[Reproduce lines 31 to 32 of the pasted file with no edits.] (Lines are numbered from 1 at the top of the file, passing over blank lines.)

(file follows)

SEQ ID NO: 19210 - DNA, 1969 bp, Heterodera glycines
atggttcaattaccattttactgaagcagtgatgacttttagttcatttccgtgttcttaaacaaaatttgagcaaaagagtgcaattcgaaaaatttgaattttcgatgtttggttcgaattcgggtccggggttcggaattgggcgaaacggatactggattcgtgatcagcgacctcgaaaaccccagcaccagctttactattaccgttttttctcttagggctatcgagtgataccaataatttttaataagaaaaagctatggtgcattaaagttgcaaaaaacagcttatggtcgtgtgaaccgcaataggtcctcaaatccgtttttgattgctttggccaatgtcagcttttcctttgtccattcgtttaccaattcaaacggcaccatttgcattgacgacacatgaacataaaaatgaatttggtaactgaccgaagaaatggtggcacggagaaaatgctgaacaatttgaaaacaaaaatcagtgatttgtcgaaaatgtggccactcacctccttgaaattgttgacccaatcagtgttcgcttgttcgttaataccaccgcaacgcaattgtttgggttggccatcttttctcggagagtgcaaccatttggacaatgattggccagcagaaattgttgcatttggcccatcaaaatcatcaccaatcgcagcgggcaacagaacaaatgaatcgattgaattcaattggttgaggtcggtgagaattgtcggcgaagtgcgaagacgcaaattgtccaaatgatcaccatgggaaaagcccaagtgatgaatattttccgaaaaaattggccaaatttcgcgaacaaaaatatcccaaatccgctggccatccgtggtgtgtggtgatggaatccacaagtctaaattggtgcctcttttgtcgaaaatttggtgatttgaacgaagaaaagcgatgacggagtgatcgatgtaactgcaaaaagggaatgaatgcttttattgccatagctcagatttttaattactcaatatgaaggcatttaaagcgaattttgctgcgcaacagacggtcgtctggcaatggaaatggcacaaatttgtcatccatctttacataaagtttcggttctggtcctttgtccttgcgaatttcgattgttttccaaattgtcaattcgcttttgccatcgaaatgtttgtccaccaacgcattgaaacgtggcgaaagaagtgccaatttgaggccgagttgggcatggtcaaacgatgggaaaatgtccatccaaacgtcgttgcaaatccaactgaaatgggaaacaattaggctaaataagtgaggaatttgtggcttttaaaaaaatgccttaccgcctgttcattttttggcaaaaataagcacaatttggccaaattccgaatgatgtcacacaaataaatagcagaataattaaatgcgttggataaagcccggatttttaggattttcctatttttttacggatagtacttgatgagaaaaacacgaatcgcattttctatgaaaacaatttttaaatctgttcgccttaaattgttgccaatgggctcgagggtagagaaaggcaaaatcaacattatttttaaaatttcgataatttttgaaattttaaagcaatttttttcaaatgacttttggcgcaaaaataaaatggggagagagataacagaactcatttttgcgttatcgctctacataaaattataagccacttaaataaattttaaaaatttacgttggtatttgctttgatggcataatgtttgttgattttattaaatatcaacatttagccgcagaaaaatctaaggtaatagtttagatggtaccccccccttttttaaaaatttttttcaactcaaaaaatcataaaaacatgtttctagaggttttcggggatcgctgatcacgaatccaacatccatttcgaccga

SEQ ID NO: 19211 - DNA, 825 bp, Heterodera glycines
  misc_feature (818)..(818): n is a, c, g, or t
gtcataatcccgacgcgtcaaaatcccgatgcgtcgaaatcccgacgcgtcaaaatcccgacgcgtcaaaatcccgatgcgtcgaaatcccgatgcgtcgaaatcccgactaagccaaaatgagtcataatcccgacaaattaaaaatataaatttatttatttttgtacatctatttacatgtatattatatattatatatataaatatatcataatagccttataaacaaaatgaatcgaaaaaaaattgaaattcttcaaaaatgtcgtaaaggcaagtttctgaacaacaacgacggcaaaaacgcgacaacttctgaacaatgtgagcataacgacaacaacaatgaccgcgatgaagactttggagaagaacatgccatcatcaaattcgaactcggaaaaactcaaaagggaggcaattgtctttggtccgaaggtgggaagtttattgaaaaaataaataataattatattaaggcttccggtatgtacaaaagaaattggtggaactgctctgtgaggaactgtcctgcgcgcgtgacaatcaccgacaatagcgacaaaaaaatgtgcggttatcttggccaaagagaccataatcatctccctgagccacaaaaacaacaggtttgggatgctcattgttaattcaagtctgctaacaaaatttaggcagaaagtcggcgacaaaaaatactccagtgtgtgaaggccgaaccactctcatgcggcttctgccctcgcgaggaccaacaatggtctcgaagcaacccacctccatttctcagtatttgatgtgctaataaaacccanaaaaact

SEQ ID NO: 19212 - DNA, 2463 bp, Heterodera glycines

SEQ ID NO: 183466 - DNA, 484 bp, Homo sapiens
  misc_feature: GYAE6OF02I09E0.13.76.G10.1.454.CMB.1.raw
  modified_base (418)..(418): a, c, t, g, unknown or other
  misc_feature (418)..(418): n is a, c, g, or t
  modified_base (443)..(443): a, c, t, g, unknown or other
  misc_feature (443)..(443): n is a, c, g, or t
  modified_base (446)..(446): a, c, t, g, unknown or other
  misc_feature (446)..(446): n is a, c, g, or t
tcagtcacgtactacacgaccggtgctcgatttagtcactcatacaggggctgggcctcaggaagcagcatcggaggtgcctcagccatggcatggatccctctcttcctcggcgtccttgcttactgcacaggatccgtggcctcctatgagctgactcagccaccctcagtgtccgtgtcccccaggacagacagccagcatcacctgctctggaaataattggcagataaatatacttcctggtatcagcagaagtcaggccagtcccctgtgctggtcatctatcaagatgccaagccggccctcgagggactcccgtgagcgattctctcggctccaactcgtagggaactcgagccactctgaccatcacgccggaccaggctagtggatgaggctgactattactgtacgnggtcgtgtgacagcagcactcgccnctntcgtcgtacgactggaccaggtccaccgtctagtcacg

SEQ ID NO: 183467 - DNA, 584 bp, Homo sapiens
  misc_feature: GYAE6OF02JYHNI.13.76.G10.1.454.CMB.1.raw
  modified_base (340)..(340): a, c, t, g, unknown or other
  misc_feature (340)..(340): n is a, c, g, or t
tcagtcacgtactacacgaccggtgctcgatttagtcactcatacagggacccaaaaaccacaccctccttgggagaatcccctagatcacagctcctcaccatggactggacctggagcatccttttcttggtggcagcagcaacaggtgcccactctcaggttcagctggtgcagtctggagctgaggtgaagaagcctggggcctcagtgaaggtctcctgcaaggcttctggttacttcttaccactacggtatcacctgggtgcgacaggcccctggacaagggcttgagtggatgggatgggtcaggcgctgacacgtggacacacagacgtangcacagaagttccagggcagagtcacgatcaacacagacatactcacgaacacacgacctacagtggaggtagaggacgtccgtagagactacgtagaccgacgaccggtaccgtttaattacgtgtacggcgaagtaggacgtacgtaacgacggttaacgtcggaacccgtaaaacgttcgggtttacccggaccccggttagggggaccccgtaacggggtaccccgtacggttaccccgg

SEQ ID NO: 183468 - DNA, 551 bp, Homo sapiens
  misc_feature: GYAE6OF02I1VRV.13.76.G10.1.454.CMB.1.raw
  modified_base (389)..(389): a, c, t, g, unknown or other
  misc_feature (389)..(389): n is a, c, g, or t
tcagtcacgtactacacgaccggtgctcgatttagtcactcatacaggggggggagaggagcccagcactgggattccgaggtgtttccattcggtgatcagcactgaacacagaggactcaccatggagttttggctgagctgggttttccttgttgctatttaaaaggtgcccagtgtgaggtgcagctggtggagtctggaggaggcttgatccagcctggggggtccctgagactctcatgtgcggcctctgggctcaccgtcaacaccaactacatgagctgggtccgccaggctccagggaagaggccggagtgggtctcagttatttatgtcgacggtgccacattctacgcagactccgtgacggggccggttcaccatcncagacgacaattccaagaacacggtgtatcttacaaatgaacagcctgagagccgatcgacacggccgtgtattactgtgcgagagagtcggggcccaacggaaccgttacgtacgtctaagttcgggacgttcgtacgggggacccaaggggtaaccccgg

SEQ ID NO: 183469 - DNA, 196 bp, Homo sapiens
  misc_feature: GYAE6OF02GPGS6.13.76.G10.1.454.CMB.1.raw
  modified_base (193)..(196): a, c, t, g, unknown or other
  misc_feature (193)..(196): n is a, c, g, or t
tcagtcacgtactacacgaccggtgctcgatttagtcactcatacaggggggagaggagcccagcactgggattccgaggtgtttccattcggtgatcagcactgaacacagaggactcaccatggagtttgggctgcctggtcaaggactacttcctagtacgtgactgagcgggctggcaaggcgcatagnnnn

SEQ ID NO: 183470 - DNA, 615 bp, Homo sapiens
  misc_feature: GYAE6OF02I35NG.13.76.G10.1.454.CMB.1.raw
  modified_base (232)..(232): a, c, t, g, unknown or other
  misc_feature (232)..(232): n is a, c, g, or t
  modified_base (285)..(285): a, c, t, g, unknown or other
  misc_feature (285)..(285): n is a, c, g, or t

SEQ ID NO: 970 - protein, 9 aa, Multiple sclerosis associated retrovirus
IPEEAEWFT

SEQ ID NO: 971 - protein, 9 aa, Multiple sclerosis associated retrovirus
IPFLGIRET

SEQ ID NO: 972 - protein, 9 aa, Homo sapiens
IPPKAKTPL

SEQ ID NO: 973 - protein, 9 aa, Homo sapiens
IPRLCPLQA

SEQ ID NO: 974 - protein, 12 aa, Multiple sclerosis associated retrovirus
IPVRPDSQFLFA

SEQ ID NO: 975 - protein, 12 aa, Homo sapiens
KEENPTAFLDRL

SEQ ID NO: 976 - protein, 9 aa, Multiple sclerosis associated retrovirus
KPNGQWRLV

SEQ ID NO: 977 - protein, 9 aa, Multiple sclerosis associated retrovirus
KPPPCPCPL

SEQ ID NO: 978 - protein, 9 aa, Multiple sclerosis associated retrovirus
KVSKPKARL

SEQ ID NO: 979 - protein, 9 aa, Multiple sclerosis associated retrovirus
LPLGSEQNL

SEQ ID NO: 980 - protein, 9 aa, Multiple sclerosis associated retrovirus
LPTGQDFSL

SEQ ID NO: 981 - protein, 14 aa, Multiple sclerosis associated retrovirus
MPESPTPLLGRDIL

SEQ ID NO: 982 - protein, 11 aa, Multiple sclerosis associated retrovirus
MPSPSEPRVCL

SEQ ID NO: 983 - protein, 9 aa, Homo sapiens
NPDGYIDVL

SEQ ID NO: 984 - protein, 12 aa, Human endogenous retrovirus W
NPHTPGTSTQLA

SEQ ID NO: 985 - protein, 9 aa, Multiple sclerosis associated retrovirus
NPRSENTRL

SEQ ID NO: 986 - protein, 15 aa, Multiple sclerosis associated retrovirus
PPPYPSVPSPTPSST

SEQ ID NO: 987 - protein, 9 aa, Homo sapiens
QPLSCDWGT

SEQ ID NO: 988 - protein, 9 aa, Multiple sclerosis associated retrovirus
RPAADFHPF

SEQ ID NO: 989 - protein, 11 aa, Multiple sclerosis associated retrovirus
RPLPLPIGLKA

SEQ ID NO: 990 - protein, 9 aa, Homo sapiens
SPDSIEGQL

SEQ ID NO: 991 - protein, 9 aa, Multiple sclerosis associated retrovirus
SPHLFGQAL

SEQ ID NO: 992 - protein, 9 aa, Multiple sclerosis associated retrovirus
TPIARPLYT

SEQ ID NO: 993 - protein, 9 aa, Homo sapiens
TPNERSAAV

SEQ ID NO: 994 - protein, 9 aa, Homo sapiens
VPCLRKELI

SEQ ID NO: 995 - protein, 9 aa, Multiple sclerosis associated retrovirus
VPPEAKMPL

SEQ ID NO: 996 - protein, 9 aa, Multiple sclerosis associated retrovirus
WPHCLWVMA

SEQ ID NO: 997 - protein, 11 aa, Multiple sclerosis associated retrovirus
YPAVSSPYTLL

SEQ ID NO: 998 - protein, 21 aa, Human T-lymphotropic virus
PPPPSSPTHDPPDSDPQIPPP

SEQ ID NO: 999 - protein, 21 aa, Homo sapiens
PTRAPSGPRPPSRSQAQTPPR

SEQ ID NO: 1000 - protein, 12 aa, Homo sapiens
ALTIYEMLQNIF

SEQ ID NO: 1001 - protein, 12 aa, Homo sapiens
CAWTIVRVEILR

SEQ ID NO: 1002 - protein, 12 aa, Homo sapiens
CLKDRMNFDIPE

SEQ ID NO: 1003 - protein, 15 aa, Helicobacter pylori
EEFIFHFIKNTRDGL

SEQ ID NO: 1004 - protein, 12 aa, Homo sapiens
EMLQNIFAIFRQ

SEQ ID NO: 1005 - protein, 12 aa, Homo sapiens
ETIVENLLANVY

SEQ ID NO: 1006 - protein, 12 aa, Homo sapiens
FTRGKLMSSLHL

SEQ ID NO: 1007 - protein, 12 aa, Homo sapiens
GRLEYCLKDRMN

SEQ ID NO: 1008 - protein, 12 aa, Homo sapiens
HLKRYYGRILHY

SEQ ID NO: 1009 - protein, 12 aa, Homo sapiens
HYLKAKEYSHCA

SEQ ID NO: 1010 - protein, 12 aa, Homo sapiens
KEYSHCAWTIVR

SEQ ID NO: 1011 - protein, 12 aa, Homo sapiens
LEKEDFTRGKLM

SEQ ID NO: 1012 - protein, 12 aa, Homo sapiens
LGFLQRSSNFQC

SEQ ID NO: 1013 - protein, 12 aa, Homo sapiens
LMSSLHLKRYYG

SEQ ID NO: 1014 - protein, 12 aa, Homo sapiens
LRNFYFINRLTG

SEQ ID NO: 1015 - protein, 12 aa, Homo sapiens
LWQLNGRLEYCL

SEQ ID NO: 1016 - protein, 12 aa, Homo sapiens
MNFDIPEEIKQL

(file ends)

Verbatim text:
SEQ ID NO: 183470 - DNA, 615 bp, Homo sapiens
  misc_feature: GYAE6OF02I35NG.13.76.G10.1.454.CMB.1.raw